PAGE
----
Why our decision-makers must tackle the dangerous wild animal in the room

Born Free calls on all political parties to commit to a comprehensive review of the trade in and keeping of exotic pets in the UK.

A small crocodile sits submerged in water facing to the right of the image, with just the top of its head and eyes above the water

Crocodile © B Jaschinski

Born Free’s Captivity Research & Policy Manager, Chris Lewis, discusses new research into the keeping of dangerous wild animals and why, whoever is in power come July 5th, now is the time to address exotic pet ownership in the UK.  

Captivity Research Manager Chris Lewis

Published in the prestigious scientific journal ‘Animals’ on the 7th of May 2024, the paper entitled Private Keeping of Dangerous Wild Animals in Great Britain offers the first formal evaluation of the Dangerous Wild Animals Act 1976 (DWAA), which regulates the keeping of dangerous wild animals in England, Scotland and Wales, in more than 20 years.

Given that so much time has passed since the last review, it is perhaps no surprise that the paper identifies a number of issues including animal welfare concerns, out-of-date taxonomic listings and inconsistencies with other relevant legislation. The recommendations made in this paper reflect the fact that not all the recommendations which emerged from the previous review 20 years ago have yet been fully implemented.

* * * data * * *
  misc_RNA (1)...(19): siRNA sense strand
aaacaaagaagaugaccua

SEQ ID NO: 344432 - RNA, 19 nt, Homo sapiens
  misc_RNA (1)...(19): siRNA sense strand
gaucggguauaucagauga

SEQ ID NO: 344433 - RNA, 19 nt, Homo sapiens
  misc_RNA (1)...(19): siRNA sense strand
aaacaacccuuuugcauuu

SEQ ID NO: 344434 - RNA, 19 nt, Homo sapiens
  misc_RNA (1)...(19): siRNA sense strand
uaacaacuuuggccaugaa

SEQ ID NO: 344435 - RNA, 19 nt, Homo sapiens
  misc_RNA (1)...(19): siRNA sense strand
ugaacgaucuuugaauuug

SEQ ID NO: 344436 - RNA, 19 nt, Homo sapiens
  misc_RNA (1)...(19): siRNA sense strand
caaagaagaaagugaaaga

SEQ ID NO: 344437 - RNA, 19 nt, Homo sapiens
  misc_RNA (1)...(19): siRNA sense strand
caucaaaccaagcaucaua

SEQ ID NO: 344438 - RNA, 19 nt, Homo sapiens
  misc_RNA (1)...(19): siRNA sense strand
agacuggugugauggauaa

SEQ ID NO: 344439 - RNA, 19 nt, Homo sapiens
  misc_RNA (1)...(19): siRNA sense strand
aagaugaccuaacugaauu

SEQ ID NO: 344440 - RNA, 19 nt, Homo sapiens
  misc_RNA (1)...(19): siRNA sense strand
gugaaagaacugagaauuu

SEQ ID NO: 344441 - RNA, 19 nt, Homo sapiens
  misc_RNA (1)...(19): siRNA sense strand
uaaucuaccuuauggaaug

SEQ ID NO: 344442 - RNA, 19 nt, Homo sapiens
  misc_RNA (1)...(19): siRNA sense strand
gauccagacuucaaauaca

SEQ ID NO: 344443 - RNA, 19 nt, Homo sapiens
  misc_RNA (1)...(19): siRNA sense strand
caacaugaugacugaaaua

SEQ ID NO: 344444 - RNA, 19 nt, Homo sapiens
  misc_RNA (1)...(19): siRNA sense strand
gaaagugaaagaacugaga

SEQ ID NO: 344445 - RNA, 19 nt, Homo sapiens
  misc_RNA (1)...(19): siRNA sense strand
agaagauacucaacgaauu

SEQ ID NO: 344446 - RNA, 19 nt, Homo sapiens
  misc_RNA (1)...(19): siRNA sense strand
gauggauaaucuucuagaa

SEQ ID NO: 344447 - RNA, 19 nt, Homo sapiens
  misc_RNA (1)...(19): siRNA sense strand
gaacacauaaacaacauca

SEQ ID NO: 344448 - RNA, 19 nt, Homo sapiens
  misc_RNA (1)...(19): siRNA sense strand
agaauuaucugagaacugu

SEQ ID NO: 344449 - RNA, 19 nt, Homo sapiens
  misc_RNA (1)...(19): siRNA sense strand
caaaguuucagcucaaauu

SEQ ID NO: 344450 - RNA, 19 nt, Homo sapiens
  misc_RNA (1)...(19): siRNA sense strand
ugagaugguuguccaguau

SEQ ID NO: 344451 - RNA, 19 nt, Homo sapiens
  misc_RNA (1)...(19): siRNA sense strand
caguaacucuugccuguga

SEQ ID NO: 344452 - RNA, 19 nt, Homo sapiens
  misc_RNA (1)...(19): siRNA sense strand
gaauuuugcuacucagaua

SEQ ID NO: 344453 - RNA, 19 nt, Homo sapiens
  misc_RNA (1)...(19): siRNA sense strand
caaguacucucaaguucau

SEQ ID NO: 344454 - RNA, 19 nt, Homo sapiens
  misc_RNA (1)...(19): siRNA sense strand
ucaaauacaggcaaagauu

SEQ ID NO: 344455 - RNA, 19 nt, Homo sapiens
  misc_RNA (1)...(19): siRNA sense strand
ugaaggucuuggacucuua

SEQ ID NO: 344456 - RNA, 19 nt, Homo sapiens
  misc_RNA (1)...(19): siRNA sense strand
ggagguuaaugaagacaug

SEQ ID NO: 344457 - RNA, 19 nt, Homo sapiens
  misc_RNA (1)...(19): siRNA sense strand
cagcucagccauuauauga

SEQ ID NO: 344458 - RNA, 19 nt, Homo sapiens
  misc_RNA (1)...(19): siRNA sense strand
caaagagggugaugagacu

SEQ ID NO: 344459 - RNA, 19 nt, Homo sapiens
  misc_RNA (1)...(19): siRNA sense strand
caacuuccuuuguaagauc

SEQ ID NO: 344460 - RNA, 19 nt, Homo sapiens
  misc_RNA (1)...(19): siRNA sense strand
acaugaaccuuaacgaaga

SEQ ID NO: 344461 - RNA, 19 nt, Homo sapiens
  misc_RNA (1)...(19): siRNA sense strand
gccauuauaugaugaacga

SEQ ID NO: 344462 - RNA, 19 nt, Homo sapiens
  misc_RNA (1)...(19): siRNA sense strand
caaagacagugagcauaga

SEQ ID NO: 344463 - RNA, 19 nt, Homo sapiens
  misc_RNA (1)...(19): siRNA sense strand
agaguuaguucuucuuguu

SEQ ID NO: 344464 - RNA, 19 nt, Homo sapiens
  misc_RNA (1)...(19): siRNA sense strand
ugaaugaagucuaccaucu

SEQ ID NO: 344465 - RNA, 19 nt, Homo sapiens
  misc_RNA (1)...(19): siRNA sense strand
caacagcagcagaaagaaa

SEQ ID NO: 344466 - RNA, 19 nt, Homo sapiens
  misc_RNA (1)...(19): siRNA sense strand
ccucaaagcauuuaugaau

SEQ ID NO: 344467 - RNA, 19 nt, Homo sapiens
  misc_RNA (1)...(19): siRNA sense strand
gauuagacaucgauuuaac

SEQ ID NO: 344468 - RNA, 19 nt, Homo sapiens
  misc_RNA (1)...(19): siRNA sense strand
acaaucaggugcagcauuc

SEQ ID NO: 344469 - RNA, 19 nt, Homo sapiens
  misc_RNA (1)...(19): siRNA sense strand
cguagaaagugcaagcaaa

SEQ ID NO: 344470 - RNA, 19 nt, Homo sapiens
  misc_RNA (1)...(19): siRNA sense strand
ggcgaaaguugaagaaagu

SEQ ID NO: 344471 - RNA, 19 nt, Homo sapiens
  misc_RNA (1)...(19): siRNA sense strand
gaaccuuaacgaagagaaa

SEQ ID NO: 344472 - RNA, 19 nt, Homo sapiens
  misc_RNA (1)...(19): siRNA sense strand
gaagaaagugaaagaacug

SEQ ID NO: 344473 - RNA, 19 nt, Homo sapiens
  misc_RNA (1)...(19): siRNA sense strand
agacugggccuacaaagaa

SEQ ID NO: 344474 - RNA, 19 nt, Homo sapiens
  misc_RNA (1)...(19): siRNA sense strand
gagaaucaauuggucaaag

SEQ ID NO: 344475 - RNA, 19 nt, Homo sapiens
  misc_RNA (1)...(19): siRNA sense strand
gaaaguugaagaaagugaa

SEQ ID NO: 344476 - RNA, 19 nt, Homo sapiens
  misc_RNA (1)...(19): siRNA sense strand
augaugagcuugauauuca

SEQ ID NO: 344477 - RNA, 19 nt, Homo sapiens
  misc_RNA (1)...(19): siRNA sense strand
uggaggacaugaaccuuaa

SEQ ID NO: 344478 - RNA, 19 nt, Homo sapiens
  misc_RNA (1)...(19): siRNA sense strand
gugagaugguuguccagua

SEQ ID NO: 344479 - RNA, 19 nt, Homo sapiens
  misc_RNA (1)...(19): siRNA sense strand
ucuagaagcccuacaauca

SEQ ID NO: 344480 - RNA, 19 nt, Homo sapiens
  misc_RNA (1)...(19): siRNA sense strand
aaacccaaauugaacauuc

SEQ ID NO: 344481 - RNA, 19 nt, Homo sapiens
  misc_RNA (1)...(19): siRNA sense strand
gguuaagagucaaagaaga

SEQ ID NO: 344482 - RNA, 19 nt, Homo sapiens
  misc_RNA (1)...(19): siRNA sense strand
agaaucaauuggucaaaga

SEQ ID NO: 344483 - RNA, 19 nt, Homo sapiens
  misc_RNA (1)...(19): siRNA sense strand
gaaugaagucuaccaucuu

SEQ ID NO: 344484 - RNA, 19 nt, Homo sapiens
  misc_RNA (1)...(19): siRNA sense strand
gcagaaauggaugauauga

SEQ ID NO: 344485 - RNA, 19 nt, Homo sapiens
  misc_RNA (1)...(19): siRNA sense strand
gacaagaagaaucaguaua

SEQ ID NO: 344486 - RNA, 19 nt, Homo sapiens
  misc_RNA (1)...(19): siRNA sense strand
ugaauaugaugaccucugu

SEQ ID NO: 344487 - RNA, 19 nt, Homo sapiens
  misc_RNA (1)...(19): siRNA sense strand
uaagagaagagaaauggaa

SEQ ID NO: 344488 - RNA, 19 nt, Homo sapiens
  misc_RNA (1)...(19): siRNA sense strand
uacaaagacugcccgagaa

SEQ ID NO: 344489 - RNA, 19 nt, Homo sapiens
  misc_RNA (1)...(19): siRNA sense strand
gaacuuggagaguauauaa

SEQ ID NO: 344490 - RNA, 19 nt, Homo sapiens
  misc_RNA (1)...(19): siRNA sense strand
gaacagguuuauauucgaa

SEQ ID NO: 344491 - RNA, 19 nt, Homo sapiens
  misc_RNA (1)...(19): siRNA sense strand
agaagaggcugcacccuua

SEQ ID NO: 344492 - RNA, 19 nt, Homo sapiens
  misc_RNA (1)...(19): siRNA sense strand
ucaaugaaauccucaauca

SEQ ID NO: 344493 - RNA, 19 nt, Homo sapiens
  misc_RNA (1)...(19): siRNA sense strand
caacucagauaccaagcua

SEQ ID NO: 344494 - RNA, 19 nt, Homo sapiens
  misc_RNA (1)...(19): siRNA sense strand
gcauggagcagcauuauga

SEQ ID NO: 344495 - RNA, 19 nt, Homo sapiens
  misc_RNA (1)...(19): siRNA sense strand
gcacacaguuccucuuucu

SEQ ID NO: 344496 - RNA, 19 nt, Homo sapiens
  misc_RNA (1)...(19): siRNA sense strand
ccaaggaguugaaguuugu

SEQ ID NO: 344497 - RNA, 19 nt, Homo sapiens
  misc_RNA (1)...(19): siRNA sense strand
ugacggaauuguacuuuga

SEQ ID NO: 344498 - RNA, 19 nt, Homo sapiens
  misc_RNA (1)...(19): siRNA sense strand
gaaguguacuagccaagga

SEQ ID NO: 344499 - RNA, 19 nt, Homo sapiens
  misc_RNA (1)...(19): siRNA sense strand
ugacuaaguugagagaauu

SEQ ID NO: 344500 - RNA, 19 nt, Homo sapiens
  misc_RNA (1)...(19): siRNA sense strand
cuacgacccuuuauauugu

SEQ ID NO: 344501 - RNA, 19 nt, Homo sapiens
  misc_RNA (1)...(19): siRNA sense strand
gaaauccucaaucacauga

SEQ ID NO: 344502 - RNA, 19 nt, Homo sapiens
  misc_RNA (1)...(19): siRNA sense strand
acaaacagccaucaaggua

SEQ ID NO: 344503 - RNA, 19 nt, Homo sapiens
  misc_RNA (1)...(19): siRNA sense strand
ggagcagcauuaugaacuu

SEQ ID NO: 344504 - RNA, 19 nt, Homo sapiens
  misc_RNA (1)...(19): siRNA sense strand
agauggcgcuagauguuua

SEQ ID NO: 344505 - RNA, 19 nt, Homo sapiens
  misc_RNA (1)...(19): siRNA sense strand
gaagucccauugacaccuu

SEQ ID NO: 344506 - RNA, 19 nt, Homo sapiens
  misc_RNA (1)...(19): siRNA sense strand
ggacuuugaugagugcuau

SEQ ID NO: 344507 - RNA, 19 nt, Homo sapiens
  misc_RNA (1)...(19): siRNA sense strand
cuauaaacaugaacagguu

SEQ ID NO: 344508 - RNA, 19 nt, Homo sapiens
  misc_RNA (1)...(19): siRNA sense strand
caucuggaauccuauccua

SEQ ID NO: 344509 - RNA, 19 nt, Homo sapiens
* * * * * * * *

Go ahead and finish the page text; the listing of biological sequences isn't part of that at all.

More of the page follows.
The keeping of wild animals categorised as “dangerous” by private individuals such as pet owners, farmers, mobile animal exhibits, educational facilities and some sanctuaries, requires a licence under the Dangerous Wild Animals Act. Zoos, laboratories and, surprisingly, pet shops are exempt.

Licences are issued by local authorities in England, Scotland and Wales. In Northern Ireland licences are issued by the Department of Agriculture, Environment and Rural Affairs (DAERA) under The Dangerous Wild Animals (Northern Ireland) Order 2004. Born Free regularly requests data from local authorities across Britain on the number of licences issued and the animals to which they relate and publishes the figures on our Dangerous Wild Animals Map.


The paper shines a light on several areas of concern, not least, the lack of definition for an animal categorised as “dangerous” and inconsistencies with other regulations covering the keeping of dangerous wild animals, such as zoo legislation. Some categories of animals, such as constrictor snakes and large lizards, which are clearly dangerous, don’t currently require a licence. Also, the scientific revision of taxonomic names and the absence of regular updates to the list of species which require a licence, means that a number of species which previously required a licence may now not fall within the remit of the DWAA for no other reason than their official name has changed. Additionally, there were indications that local authorities may have granted licences without knowing the exact species of animal being kept, which would contravene the requirements of the Act.

The DWAA is based upon the assumption that it is possible to privately keep dangerous wild animals in a manner that minimises or eliminates risk to the public and in a way that does not undermine the welfare of the animals. The Private Keeping of Dangerous Wild Animals in Great Britain paper challenges this notion. In some respects, the issues identified go beyond dangerous wild animals and relate to all wild animals that are kept as pets.